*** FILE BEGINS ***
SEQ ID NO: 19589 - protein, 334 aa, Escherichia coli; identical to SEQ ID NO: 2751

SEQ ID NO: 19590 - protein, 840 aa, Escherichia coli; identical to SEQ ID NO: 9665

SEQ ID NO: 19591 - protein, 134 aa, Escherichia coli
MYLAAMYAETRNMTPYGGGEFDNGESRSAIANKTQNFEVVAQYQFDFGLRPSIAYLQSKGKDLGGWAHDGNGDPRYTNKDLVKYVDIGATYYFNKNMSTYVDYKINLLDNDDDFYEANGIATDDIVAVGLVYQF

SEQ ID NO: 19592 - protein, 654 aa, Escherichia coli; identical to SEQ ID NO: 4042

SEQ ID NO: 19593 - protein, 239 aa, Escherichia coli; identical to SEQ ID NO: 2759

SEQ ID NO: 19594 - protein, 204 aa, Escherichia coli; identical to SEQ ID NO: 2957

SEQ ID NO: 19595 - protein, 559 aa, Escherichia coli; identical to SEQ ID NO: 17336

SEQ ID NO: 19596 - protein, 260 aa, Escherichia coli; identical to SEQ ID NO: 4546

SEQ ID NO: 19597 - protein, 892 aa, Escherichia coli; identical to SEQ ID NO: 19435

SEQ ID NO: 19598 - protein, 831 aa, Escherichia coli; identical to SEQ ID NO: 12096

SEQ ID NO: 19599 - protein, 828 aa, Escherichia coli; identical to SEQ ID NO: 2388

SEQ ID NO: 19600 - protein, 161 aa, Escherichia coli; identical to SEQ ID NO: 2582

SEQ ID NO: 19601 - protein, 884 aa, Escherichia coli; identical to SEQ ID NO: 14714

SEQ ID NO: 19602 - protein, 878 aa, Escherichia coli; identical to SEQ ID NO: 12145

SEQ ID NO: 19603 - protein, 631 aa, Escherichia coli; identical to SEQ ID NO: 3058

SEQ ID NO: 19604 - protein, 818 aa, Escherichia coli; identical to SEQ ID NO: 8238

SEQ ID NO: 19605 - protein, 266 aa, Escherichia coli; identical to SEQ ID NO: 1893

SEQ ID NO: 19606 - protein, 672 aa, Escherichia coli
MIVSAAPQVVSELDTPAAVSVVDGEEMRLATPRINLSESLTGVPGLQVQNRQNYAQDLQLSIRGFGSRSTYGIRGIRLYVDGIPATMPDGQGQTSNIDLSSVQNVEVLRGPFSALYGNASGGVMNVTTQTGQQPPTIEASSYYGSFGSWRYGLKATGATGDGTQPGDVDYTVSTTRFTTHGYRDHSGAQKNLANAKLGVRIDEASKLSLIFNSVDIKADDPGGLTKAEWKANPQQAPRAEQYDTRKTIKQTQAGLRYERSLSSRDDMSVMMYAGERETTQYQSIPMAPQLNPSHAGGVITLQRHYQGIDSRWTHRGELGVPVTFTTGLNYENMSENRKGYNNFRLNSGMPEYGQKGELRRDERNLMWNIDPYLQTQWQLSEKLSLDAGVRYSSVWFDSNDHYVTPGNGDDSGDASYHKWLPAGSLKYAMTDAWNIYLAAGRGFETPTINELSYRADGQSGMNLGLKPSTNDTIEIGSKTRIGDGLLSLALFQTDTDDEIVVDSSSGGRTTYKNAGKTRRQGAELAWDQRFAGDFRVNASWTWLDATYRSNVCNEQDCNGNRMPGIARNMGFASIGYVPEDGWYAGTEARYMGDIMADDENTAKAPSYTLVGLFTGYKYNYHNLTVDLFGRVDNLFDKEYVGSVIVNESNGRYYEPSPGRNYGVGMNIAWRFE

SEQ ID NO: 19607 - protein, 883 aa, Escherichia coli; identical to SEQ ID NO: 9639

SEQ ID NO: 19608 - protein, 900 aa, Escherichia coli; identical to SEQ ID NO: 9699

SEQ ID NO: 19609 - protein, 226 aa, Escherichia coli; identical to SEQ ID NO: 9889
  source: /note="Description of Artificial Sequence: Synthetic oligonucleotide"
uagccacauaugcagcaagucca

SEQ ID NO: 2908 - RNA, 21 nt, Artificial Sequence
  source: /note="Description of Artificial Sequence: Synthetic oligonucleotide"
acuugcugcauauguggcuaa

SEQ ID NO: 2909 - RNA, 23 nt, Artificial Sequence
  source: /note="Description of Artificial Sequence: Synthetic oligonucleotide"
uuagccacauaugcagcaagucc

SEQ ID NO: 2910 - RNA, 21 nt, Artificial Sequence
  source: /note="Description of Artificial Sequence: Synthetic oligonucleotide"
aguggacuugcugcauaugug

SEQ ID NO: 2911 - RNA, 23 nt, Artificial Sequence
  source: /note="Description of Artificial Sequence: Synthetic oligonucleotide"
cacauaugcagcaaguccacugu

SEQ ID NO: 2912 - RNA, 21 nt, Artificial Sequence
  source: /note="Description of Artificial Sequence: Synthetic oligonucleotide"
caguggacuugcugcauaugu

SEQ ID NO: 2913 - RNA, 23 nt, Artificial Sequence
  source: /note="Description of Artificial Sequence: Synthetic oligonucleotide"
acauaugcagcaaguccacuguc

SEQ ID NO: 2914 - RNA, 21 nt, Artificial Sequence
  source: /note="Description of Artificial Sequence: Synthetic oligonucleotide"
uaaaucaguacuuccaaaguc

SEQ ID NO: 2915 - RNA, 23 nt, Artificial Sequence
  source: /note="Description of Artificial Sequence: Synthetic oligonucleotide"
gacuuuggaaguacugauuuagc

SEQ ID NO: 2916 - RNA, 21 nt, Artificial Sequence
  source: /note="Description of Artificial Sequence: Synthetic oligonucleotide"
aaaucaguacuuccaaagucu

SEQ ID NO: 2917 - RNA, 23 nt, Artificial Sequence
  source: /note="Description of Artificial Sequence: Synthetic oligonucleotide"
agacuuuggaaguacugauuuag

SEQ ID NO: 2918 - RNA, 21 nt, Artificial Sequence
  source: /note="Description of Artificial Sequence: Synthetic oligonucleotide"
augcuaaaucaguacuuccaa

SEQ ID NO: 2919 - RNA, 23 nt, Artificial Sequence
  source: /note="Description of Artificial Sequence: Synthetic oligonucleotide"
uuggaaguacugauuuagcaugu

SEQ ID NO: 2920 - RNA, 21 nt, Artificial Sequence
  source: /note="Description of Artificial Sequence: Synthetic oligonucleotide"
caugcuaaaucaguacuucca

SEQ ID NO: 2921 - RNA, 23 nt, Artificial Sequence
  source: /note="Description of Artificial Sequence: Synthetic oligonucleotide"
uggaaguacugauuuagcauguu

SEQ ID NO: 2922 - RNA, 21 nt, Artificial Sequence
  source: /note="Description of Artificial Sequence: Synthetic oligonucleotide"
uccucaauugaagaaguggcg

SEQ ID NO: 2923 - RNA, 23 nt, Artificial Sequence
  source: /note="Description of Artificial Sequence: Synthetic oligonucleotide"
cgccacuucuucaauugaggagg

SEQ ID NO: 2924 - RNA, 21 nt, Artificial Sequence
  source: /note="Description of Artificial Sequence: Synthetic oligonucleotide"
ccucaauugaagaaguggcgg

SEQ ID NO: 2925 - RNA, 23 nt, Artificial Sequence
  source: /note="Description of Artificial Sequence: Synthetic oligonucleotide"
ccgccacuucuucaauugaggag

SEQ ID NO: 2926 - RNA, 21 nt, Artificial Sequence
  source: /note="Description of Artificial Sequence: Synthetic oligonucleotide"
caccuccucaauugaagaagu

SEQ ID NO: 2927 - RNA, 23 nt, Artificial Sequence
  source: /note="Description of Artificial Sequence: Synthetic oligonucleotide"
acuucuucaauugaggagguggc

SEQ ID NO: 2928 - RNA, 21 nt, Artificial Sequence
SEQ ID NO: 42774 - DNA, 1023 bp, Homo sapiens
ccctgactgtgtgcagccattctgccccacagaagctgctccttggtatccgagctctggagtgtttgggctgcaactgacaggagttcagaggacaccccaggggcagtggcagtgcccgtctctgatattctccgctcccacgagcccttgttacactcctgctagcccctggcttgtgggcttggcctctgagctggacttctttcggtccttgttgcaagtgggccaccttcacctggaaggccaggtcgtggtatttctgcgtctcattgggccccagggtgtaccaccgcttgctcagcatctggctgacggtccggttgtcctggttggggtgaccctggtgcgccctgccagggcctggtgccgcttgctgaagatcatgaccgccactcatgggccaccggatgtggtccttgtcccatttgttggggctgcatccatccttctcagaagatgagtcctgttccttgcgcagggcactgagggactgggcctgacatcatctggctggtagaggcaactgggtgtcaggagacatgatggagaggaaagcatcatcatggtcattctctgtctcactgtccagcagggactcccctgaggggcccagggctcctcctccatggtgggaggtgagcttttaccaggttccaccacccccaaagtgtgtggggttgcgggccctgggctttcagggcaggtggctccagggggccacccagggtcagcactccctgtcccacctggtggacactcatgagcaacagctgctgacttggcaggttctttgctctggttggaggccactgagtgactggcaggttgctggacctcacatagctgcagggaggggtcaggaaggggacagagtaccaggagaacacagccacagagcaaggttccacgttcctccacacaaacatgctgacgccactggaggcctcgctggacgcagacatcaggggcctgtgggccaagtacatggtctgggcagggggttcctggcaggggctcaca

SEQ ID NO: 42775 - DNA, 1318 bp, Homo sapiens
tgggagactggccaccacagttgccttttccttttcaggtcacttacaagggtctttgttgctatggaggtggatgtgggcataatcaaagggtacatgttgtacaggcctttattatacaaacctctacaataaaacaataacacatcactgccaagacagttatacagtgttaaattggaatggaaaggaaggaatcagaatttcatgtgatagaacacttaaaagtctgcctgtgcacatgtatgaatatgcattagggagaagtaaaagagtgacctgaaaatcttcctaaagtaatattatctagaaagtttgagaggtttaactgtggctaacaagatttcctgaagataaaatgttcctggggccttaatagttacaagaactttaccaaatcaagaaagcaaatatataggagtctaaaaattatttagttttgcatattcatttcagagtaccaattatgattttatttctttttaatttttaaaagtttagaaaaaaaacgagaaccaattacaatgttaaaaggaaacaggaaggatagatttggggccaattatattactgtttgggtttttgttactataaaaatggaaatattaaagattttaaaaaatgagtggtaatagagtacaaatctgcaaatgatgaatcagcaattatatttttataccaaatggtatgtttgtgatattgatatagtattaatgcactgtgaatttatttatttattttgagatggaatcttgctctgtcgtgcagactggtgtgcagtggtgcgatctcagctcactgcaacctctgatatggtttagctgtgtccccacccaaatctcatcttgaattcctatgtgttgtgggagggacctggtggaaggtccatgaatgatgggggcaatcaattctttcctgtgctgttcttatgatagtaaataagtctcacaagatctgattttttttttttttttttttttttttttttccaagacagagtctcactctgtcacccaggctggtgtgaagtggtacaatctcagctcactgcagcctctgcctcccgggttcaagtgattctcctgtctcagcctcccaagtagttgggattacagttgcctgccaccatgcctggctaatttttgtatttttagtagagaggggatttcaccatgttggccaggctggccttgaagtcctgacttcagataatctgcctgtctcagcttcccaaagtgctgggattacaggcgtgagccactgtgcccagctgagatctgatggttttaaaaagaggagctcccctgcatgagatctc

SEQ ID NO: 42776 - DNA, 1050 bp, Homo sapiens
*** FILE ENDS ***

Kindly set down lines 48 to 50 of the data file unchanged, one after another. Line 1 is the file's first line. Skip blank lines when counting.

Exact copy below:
  source: /note="Description of Artificial Sequence: Synthetic oligonucleotide"
gacuuuggaaguacugauuuagc

SEQ ID NO: 2916 - RNA, 21 nt, Artificial Sequence